The Center for American Progress has released a new report, “Emerging State and Community Strategies to Improve Infant and Toddler Services.” The report makes policy recommendations for financing and aligning infant-toddler services and includes examples of both state and community initiatives that target high-needs neighborhoods.
Decades of research on brain development and outcomes from early learning interventions have clearly demonstrated that children thrive when they have consistent access to high-quality early childhood programs starting at birth or even before and continuing until they enter kindergarten. Yet too often, programs that target young children provide services in isolation, are underfunded, and fail to meet the needs of all eligible families. Creating a continuum of services that are intentionally aligned to reach children for as long as possible can help ensure that early childhood services and programs effectively support all aspects of young children’s healthy development.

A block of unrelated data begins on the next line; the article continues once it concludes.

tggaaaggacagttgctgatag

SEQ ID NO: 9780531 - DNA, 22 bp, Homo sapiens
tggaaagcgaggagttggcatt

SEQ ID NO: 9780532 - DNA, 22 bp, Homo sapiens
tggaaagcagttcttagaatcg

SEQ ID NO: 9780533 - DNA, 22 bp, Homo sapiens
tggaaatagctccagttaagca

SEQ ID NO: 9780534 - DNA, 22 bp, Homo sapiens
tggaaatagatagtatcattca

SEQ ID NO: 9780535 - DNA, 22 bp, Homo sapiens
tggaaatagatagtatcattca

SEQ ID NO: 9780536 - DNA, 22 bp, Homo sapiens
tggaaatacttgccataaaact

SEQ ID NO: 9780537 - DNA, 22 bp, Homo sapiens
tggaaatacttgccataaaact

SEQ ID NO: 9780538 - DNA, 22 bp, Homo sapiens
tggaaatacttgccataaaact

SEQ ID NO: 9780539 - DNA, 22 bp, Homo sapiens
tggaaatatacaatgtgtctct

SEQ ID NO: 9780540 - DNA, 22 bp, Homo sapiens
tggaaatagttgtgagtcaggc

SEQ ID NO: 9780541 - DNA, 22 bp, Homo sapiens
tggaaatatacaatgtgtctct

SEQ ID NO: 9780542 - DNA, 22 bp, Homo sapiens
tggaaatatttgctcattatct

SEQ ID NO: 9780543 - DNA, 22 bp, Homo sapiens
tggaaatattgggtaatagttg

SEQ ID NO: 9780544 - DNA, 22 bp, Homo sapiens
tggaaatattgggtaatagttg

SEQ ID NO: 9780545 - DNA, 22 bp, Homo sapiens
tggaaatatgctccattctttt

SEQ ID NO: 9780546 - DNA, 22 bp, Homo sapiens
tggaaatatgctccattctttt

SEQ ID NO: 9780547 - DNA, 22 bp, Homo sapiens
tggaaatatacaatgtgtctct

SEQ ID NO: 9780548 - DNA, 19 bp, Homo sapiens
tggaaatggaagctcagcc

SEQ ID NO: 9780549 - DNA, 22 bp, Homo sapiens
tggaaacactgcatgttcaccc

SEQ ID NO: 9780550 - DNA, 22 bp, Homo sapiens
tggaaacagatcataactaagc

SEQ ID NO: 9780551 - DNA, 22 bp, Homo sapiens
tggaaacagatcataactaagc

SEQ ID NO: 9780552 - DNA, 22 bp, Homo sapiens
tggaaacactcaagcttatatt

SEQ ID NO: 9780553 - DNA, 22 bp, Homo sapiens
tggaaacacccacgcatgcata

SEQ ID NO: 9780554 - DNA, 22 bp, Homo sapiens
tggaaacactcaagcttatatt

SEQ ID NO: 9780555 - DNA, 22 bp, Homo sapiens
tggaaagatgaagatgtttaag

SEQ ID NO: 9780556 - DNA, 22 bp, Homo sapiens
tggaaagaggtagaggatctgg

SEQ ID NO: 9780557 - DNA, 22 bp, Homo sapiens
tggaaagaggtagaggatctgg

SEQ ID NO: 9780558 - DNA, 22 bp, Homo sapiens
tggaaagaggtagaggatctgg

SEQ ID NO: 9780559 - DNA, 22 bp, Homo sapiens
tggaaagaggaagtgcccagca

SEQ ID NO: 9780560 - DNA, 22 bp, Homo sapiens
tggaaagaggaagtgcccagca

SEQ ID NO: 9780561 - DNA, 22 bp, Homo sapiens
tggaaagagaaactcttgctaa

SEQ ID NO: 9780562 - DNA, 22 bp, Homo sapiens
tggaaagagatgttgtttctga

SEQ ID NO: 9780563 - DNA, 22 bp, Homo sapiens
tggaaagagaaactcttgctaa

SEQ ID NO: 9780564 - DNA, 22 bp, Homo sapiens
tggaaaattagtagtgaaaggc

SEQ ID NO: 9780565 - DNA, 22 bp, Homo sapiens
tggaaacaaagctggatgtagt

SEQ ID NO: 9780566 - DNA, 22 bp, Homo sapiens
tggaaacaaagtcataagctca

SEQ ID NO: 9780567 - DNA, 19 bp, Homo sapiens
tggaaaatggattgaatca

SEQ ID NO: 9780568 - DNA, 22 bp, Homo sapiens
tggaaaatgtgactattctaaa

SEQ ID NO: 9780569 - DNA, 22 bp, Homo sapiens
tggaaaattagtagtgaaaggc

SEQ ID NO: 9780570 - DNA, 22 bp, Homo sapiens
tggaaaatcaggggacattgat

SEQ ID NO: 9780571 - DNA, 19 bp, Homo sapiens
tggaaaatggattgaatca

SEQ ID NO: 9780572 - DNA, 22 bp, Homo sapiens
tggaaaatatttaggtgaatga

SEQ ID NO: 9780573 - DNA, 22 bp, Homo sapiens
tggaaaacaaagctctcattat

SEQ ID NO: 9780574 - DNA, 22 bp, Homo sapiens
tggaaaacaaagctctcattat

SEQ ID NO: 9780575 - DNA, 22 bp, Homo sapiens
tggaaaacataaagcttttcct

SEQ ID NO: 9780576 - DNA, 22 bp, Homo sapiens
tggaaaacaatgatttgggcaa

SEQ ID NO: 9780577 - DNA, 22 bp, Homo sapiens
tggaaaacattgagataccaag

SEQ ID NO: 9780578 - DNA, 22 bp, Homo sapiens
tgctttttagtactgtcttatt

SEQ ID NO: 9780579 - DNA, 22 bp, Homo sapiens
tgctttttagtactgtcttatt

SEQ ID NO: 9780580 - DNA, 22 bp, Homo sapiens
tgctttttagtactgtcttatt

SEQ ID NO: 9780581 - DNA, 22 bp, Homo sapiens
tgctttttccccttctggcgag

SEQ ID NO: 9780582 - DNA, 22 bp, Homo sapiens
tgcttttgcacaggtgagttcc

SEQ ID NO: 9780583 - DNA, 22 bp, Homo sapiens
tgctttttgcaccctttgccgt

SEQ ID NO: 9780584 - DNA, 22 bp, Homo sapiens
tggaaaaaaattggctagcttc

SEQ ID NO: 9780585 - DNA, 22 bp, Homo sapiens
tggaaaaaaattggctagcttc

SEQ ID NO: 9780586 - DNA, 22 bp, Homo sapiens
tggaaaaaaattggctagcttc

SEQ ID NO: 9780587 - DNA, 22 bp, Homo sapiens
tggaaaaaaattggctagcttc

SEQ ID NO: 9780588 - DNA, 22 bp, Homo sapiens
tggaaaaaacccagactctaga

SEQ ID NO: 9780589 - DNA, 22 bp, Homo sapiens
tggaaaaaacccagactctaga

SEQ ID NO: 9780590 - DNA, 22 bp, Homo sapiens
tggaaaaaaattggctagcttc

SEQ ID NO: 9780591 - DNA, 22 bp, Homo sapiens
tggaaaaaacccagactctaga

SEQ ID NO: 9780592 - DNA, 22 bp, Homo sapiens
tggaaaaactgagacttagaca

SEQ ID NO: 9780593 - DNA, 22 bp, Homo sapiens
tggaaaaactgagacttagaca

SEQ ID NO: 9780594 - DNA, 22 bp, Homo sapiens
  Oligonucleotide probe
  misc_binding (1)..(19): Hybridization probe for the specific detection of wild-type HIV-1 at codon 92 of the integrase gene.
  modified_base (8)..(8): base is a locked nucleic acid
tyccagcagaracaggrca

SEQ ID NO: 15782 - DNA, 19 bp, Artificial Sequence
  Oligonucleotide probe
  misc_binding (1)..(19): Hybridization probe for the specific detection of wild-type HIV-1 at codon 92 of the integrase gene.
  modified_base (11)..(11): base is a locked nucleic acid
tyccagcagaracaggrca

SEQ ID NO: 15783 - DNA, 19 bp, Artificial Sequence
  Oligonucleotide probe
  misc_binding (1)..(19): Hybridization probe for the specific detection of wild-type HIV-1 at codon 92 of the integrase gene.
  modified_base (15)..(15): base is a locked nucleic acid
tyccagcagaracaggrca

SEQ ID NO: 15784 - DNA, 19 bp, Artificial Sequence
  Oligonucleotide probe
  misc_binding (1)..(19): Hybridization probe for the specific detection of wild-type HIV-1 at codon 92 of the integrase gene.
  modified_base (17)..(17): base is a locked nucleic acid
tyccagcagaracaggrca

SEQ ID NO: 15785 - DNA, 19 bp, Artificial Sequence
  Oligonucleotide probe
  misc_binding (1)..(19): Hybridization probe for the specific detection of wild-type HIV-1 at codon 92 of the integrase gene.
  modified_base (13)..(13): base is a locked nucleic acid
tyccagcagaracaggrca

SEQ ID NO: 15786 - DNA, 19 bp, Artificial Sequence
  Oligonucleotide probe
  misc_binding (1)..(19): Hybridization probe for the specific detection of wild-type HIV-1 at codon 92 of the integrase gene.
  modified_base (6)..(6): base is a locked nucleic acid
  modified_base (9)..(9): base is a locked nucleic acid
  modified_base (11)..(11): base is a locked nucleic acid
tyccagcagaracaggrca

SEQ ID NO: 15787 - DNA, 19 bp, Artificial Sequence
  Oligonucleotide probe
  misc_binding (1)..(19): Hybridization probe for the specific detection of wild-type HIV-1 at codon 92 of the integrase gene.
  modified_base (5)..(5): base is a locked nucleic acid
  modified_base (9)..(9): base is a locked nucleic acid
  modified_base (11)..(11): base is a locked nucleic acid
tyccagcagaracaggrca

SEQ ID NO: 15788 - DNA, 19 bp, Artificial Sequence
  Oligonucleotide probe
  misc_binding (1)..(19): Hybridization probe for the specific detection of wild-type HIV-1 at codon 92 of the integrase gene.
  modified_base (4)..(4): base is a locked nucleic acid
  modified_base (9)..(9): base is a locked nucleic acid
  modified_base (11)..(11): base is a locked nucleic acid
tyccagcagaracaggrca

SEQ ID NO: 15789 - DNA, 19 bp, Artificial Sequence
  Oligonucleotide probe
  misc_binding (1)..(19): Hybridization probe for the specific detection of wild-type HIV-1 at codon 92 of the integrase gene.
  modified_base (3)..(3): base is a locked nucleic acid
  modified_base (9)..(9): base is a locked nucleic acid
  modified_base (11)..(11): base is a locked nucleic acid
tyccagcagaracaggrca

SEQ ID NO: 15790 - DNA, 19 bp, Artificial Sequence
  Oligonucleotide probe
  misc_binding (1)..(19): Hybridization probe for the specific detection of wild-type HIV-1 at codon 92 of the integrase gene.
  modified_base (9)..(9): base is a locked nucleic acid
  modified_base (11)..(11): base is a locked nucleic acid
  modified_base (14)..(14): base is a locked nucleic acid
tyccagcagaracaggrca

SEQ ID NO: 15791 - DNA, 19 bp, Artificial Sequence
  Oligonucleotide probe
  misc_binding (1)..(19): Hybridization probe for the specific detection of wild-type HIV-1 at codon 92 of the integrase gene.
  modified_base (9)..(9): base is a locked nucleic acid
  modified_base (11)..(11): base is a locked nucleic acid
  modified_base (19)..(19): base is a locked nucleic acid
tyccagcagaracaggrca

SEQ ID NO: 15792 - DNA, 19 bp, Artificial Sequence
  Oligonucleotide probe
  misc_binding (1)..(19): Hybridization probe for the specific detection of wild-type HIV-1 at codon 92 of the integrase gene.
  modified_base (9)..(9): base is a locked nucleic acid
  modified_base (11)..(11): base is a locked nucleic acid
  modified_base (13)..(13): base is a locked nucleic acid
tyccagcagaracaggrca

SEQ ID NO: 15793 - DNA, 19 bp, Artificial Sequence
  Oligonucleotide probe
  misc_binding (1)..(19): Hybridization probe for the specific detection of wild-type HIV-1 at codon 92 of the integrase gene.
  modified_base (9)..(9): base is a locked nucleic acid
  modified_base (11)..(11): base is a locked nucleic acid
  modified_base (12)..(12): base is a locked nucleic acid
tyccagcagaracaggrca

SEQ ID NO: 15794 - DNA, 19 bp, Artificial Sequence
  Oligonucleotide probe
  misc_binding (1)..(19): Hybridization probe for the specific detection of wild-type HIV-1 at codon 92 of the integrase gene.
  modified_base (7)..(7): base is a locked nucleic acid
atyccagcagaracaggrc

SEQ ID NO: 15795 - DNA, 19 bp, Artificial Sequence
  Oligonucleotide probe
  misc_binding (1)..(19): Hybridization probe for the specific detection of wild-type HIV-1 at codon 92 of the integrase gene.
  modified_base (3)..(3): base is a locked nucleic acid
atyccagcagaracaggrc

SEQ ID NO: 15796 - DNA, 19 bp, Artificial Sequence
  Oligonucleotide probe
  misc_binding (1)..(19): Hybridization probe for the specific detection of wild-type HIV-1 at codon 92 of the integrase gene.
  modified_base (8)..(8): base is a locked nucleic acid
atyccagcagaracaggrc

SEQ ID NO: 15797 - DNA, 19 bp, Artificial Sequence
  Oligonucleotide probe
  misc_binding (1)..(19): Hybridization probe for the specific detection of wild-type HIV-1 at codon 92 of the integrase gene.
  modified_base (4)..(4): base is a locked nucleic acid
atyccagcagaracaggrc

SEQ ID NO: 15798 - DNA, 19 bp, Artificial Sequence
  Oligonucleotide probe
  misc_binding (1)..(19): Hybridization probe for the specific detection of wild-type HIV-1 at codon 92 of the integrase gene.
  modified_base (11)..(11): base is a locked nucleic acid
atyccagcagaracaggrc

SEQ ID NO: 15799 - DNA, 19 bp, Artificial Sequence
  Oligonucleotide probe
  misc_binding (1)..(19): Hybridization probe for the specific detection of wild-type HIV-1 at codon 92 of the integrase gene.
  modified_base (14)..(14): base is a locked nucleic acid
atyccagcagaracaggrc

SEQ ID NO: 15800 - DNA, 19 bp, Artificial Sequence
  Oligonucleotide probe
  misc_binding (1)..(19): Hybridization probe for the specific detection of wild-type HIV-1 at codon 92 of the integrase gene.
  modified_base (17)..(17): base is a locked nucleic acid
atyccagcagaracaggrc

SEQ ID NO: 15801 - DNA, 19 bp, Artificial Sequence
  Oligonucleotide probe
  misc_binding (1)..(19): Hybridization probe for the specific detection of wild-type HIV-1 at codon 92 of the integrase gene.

Also see Eye on Early Education’s piece on the Massachusetts Reading Corps:
“But are we really meeting the needs of the people we’re serving?”
That’s what Shannon Langone wanted to know in 2007 when she started working for the AmeriCorps program at Springfield College.
“What can we do that we know will work?” she wondered and set out to find ways to make a measurable difference for school children.
She found an answer in the Midwest: the Minnesota Reading Corps.
And as another indication of the growing recognition of the importance of social-emotional skills: